Recipient: Committee on House Administration
Dear Chairman Harper and Ranking Member Brady:
We write to express our appreciation for the Committee’s bipartisan efforts to combat and prevent sexual harassment and other forms of workplace discrimination in Congress and to improve the current reporting and dispute resolution process. H.R. 4822, the Congressional Accountability Act of 1995 Reform Act (CAA Reform Act) is an important step in the right direction and will go a long way toward ensuring a safer and fairer legislative workforce.
We were pleased to see that many of the recommendations outlined in the January 17, 2018, coalition letter (attached for reference) were included in the CAA Reform Act. For example, the bill improves the reporting and dispute resolution process, expands coverage and protections, ensures greater accountability, increases transparency, and requires comprehensive prevention practices.
Before the Committee marks up this bill on Monday, February 5, 2018, we urge you to strengthen the bill in these key areas:
- Title I (Timeline)-Expand the statutory deadline for filing a civil action; within 30 days of filing a claim is far too short.
- Sec. 102 (Deadline for filing a claim)-The 180-day deadline for filing a claim under the CAA should begin to toll “on the date of the alleged violation or the date the claimant knew or should have known of the alleged violation” instead of “the date of the alleged violation.”
- Sec. 102-104 (Adequate resources for the General Counsel)-Congress must provide the Office of Compliance General Counsel with adequate resources to carry out its new responsibilities.
- Sec. 114 (Provision on confidentiality)-Amend the language to more clearly convey that a covered employee or employing office (including the individual who has been accused) can disclose information related to the claim (e.g., stating that a claim has been filed, denying the allegation), but cannot discuss the findings or activities of the investigation or proceedings (e.g. hearing). Additionally, it would be helpful to state the range of penalties that may be imposed for violating confidentiality.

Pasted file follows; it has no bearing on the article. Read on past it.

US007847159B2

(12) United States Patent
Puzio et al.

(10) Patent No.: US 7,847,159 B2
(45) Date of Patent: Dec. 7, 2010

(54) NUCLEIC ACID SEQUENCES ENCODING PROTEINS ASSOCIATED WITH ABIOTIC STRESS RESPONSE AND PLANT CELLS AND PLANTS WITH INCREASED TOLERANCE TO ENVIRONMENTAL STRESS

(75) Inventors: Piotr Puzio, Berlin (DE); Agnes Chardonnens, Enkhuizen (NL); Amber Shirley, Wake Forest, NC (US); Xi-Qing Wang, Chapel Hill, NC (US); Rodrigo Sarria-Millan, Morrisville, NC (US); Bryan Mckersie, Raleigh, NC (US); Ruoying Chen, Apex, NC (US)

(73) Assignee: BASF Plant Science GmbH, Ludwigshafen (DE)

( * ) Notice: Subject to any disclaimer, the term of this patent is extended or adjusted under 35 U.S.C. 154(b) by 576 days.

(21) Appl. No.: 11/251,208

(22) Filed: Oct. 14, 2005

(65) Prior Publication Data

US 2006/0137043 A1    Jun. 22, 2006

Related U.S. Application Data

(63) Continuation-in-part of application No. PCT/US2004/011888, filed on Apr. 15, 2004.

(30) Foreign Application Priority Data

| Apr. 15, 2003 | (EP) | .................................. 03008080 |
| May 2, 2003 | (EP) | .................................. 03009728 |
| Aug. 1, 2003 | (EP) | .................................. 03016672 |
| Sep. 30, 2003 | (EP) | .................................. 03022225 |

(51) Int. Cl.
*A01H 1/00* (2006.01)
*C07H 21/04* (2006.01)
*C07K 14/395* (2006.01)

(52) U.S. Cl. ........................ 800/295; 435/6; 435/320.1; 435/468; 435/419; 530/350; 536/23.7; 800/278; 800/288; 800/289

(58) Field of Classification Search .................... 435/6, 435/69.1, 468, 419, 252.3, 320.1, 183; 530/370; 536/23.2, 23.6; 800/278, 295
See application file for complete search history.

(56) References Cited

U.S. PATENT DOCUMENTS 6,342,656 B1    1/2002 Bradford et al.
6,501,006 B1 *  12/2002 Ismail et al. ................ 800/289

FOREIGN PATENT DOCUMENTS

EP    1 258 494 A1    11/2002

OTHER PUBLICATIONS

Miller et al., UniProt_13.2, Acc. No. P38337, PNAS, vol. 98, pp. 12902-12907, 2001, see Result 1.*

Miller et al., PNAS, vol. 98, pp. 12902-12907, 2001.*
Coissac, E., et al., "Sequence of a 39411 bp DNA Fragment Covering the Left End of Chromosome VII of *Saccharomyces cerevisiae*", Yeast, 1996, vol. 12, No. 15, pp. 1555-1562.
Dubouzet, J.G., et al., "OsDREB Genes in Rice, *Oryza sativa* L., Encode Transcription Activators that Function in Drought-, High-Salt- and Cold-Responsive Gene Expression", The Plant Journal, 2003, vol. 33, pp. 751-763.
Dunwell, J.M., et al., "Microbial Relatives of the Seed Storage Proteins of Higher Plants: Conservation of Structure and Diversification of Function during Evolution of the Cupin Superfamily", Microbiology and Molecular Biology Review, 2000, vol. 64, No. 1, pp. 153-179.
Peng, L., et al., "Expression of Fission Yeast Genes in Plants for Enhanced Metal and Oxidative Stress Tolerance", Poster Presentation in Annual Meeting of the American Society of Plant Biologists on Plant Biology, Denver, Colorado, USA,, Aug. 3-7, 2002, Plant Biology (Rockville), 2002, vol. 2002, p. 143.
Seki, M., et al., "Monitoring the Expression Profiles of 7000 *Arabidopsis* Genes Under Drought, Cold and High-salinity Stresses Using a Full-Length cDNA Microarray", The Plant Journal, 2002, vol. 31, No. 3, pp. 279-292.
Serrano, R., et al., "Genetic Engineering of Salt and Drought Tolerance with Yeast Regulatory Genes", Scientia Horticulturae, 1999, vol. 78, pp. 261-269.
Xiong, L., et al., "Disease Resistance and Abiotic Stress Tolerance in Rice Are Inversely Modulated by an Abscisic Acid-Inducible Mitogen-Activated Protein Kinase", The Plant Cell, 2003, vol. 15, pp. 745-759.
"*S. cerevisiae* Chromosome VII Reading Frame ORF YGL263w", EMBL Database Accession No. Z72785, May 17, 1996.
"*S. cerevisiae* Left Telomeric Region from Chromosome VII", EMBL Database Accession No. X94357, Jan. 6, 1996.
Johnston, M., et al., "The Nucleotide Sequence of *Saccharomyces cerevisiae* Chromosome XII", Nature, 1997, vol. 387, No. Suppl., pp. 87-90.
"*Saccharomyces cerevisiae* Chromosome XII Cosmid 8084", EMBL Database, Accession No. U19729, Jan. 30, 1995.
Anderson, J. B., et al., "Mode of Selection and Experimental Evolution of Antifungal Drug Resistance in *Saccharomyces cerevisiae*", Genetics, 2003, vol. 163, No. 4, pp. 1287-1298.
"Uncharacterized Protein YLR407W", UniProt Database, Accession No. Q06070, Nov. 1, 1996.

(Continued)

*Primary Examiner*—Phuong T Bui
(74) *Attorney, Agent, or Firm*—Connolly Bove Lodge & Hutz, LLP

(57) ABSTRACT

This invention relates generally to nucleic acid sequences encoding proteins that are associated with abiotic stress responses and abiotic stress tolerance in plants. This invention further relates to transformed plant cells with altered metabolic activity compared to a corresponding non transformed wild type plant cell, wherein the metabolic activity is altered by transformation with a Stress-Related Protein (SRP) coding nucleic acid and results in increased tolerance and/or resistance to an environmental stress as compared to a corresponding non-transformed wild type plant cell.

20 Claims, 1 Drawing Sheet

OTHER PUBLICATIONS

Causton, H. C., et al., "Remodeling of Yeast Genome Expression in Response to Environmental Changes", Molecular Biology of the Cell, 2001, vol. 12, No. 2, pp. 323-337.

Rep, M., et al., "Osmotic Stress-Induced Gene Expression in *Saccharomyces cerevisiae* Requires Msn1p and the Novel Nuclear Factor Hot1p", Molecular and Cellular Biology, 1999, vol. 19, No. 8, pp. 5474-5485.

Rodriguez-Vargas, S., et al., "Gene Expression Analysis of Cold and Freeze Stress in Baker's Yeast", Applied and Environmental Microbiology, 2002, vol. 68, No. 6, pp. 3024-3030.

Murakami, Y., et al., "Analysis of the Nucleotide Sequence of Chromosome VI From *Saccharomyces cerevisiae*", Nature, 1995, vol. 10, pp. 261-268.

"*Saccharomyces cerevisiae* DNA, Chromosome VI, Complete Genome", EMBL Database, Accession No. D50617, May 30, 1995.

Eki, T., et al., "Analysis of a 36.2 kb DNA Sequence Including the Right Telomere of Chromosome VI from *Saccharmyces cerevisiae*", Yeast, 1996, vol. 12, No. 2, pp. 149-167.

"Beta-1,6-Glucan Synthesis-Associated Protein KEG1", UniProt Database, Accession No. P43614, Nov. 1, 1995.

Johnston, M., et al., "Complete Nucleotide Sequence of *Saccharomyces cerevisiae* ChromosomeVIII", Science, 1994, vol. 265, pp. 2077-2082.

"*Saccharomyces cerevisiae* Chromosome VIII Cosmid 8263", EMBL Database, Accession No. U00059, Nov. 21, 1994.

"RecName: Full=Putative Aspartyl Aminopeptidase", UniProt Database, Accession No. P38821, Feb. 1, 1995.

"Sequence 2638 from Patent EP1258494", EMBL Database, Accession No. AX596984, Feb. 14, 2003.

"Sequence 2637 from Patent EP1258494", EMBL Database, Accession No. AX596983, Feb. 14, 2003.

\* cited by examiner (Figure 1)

- Sec. 201 (Semiannual reporting)-Semiannual reporting should be changed to annual (yearly) reporting. Annual reporting strikes a careful balance between the need for transparency regarding harassment and discrimination claims and resolutions, and safeguarding complainant privacy/confidentiality, which may be more easily breached if reporting occurs more frequently. In addition to reporting settlements and award amounts by office, the number of harassment and discrimination claims asserted (regardless of whether they resulted in settlement) should also be reported and made publicly available. Taxpayers and constituents will have a clearer understanding of the workplace culture and practices in each office if this information is made publicly available, because not every claim of discrimination will result in a settlement or award.
- Office of Congressional Ethics and whistleblower protections-Extend whistleblower protections that are available to executive branch employees to legislative branch employees. In addition, ensure that the Office of Congressional Ethics continues to perform its function as an independent check on the House and Senate ethics committees for all claims.
Thank you for working on a bipartisan basis to craft solutions to combat harassment and discrimination in the legislative workforce. We look forward to continuing to work with you on this critical issue. If you have any questions, please don’t hesitate to contact Vania Leveille at the American Civil Liberties Union (firstname.lastname@example.org), Joi Chaney at Equal Pay Today (email@example.com), June Zeitlin at The Leadership Conference on Civil and Human Rights (firstname.lastname@example.org), Maya Raghu at the National Women’s Law Center (email@example.com), and Remington Gregg (firstname.lastname@example.org) at Public Citizen.
Equal Pay Today
The Leadership Conference on Civil and Human Rights
National Women’s Law Center